©2013 Shawn Quinlivan C.Ht. & Cathexis Therapeutic Imagery


*There are several popular books responsible for a current resurgence of interest in past-life regression.  Two of these, “Through Time Into Healing” and “ Many Lives, Many Masters,” were written by Dr. Brian L. Weiss, M.D., a traditional psychotherapist whose interest in the subject was inspired by a patient who channeled remarkable revelations from a past life about Dr. Weiss’s family and his dead son.  The book “Reliving Past Lives, the Evidence Under Hypnosis,” written by Helen Wambach, Ph.D., uses statistical analysis to compare details recalled in past lives with various historical records of correlating time periods.  The compelling experiences documented in these books are fascinating and thought provoking.

The Law of Attraction

Law Of Attraction

The Secret Science Of Thoughts & Beliefs: How We Connect Our Divine Heart

Our reality is not subjective, but rather “collective.” The same can be said of consciousness. We are, in fact, subject to the thoughts, acts, desires, and ambitions of others, all of which are part of the enigmatic and ubiquitous energy of the universe and the powers of nature, whose mysteries and properties are perhaps not capable of entirely being understood. The modern interpretation of the Law of Attraction merely proposes that our thoughts, words, and attitudes, and of course, our actions, can affect, fashion, shape and influence the outcomes we desire, as opposed to “creating” them. Yet consider the effect of teaching every child in the world to meditate by the age of nine. Would that not likely precipitate world peace within a generation? So then collectively, at least, we can indeed create reality.

The Divine Heart

The Law of Attraction teaches us to set aside negative and prejudicial attitudes, to cast out doubts and fears, to let go of anger and resentment, to shun blame and victimization and embrace tolerance, forgiveness, and the decision of responsibility—to relinquish anything that weighs us down, instead visualizing on positives and focusing our thoughts, words, ideas, dreams and desires on that which serves our success and happiness—then committing a degree of faith in how the universe responds in delivering it to us. In so doing, we ‘get out of our own way’ and become increasingly connected with our personal power and by extension, the powerful electro-magnetic force or ‘energy’ of creation, the interwoven spirit and unity consciousness of all living things. Our hearts, which generate 60 times the electro-magnetic amplitude of brain waves (see Institute of HeartMath article here), become unencumbered, and are thus able to draw, to attract, not just the reality we desire, but that which was truly meant for us. We allow fulfillment of the purpose for which the mystical web of life brought us into being; hence, we attract a deeper discovery of ourselves in the process, as the wisdom of our experiences reveals a new and profound awareness.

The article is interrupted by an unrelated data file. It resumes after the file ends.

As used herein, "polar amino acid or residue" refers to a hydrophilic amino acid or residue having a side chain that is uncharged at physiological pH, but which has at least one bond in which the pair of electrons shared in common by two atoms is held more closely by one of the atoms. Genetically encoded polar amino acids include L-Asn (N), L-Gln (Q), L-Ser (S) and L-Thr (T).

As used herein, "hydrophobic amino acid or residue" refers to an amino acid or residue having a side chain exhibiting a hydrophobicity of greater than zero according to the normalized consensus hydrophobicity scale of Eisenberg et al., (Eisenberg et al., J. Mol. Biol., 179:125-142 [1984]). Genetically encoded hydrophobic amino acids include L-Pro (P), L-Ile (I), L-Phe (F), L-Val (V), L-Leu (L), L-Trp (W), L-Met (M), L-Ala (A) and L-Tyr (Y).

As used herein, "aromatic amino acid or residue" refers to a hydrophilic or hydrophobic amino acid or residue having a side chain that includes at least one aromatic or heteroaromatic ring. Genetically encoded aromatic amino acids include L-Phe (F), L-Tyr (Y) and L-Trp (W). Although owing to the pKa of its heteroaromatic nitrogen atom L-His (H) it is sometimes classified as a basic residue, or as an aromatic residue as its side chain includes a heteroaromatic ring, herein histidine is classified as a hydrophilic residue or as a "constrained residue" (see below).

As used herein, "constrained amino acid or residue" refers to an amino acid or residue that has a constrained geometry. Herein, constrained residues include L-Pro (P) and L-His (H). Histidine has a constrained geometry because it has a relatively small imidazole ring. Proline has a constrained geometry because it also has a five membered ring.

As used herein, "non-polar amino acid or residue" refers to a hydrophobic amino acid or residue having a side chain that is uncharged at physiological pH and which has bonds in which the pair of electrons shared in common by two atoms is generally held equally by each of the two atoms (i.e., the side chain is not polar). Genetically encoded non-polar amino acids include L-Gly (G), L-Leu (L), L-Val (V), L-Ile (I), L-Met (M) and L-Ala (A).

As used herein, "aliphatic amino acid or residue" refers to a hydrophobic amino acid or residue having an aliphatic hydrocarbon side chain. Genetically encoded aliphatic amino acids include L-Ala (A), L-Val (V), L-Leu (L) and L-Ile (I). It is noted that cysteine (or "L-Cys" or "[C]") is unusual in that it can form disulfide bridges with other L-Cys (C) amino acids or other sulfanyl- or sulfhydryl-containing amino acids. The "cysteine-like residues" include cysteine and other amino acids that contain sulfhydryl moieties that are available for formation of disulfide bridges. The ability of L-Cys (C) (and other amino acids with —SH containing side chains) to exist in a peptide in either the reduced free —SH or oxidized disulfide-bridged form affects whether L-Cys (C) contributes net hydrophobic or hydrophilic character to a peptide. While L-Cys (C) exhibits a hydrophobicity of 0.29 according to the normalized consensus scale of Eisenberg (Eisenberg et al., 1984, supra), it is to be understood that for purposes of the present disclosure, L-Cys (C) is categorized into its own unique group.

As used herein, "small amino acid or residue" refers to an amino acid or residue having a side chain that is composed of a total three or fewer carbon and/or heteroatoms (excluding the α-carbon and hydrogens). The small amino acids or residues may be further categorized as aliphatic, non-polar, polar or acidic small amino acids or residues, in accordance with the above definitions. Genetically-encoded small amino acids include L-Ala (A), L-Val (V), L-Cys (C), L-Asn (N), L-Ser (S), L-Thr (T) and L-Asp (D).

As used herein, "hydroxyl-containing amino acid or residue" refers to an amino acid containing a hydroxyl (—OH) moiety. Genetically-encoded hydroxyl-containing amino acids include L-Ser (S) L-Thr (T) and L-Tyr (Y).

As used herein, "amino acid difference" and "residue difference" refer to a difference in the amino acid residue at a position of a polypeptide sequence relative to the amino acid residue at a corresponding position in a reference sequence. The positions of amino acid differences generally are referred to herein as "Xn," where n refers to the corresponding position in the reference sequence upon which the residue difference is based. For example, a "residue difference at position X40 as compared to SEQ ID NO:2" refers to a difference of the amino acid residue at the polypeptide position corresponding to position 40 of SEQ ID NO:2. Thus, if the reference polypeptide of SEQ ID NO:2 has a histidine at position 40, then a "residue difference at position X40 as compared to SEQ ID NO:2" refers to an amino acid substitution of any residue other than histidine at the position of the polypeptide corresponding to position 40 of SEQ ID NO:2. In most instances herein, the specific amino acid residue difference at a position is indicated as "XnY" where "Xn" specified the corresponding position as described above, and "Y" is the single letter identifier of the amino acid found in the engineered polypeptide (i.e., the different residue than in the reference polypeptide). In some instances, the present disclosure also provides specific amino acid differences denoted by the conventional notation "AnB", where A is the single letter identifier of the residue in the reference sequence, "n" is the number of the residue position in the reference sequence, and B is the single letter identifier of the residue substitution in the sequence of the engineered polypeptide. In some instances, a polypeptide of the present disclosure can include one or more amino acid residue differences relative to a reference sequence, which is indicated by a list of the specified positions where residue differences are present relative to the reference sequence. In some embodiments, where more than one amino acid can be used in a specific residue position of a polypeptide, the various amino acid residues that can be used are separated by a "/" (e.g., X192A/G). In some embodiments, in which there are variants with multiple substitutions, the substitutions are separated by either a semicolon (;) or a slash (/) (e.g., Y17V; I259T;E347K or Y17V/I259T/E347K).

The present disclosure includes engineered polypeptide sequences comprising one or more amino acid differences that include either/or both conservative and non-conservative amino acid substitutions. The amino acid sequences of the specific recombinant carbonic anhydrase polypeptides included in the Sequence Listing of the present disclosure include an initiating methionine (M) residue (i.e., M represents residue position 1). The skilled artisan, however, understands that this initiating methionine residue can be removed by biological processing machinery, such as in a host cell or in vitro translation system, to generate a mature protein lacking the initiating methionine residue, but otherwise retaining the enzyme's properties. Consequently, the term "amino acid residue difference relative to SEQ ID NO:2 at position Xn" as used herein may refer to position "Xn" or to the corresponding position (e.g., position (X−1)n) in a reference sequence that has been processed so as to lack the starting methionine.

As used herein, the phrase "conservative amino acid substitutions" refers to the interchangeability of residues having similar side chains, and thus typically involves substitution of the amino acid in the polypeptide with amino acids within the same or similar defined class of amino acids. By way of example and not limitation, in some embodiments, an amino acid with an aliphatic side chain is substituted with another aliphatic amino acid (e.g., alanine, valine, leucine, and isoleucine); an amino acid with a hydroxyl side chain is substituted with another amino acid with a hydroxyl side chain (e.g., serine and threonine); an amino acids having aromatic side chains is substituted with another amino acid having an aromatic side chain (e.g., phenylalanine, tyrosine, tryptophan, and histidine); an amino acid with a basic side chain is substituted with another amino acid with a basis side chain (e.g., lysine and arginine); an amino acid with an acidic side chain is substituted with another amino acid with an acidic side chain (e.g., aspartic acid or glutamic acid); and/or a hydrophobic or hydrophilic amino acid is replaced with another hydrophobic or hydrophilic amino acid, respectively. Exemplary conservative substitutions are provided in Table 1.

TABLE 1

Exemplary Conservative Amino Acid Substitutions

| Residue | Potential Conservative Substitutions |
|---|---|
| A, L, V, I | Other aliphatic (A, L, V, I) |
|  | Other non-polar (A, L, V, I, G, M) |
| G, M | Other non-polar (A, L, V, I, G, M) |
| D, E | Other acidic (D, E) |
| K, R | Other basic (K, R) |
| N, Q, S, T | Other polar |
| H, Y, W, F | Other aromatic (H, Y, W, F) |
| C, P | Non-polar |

Staying Connected 

If our actions and thought processes are not motivated by divinity, then we must ask ourselves what are they motivated by? If we are not conspiring to realize our higher purpose, then what are we conspiring to? If we are not committed to galvanizing our strength, power and vision to create a better reality for ourselves and each other, then what are we committed to?

44614345_sThe Law of Attraction is akin to the blessed metaphor and universal language of music, where countless sacred harmonies, ethereal and beautiful and inspiring beyond measure, are achieved simply by listening to and embellishing the melody. The world is ever filled with that which would distract us from our deeper calling, yet if we but discipline ourselves to connect our divine heart, to stay tuned-in to the secret science of our thoughts and beliefs, we may still discover the many inspirited voices and unsung choruses in this, our shared song of life.

©2012 Shawn Quinlivan, C.Ht.& Cathexis Therapeutic Imagery